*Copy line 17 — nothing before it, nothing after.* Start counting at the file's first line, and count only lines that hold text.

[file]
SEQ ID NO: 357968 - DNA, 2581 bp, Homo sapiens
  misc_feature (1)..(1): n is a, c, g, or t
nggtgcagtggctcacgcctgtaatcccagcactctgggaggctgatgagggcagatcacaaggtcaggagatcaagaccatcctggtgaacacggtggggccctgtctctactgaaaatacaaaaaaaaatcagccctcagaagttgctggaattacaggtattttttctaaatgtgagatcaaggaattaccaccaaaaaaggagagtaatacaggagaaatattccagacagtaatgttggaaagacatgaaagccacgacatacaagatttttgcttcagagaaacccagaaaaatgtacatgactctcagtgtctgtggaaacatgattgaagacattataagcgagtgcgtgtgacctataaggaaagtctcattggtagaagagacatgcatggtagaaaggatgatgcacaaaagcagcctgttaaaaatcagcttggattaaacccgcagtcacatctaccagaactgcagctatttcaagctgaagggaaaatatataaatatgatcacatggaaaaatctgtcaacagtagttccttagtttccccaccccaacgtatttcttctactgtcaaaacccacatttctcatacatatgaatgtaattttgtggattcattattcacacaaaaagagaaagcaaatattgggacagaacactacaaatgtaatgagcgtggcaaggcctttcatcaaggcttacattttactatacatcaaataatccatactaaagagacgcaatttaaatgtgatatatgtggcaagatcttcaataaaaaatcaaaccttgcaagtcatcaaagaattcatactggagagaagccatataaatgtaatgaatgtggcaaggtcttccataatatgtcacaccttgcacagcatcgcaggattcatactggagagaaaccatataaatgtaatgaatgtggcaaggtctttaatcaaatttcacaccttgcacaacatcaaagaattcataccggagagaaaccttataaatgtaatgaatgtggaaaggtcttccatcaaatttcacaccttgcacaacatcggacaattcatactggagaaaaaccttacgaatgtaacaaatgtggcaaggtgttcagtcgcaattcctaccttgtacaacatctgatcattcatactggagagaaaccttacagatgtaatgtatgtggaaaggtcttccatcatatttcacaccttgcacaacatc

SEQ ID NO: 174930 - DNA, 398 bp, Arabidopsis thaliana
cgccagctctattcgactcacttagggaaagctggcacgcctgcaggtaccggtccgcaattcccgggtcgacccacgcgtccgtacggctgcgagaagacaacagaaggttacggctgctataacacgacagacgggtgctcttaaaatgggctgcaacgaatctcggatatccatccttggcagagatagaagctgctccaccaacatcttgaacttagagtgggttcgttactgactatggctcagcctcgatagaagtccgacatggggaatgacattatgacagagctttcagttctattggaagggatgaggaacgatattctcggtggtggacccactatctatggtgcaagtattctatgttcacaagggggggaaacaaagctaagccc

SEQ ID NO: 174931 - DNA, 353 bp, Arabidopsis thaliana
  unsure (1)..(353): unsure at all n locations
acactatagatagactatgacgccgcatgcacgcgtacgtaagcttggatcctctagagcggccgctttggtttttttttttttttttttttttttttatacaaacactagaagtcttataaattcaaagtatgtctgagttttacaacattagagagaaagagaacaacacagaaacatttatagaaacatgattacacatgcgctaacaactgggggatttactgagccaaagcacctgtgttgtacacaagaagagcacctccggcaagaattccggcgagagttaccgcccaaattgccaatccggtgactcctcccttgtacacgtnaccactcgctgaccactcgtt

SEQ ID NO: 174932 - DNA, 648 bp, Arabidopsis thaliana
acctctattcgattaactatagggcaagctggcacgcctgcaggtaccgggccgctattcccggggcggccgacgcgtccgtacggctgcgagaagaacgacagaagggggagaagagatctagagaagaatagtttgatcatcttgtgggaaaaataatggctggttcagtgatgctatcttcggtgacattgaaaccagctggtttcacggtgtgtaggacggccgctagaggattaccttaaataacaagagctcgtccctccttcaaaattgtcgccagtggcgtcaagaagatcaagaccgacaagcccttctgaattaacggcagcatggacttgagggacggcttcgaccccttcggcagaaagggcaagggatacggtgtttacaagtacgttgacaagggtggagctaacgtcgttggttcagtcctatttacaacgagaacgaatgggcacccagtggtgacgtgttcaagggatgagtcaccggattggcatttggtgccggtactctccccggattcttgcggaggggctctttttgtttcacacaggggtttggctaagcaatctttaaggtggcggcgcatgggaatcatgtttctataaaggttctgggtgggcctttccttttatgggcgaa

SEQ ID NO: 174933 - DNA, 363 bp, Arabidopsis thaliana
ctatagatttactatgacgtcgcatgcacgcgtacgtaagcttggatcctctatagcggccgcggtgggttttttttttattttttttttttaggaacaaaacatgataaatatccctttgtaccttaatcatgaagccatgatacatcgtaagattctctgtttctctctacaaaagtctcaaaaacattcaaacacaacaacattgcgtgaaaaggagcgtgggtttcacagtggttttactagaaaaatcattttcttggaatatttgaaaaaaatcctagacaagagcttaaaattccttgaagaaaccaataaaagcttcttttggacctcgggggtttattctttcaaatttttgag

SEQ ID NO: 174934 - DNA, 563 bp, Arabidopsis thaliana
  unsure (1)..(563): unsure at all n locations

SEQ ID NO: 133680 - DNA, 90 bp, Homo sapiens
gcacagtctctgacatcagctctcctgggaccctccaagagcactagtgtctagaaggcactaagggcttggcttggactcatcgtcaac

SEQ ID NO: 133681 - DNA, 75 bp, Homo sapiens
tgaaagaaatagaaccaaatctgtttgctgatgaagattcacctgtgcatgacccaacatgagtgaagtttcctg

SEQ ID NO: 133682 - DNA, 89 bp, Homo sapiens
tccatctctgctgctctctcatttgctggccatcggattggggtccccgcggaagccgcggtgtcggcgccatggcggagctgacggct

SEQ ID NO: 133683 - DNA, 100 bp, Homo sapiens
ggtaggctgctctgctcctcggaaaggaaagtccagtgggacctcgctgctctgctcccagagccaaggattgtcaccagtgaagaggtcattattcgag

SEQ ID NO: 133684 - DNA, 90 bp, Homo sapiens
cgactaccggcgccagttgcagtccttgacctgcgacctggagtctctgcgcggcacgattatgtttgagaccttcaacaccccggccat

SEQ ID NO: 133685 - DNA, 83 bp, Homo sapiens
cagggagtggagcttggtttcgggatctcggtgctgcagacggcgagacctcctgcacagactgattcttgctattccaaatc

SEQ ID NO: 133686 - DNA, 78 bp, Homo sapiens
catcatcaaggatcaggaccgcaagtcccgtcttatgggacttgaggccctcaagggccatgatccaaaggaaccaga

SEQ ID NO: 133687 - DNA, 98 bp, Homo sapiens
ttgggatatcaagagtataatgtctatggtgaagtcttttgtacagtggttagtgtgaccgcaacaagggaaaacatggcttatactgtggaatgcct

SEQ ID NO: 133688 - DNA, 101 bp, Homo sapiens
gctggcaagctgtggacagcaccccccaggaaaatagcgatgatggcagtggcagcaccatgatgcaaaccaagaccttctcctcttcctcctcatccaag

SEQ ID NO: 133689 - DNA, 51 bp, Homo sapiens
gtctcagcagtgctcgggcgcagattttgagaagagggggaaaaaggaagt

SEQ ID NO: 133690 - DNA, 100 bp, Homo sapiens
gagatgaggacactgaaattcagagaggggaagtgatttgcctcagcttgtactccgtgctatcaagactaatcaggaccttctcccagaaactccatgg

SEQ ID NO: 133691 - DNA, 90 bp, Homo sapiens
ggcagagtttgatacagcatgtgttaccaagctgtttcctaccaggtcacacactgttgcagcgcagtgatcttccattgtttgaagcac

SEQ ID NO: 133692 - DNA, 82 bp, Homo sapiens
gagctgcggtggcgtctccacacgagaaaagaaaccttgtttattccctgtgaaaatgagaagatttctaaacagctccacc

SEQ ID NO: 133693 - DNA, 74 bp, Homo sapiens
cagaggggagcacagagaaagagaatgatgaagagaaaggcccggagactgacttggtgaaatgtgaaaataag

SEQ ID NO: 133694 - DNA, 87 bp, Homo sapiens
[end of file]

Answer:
SEQ ID NO: 133681 - DNA, 75 bp, Homo sapiens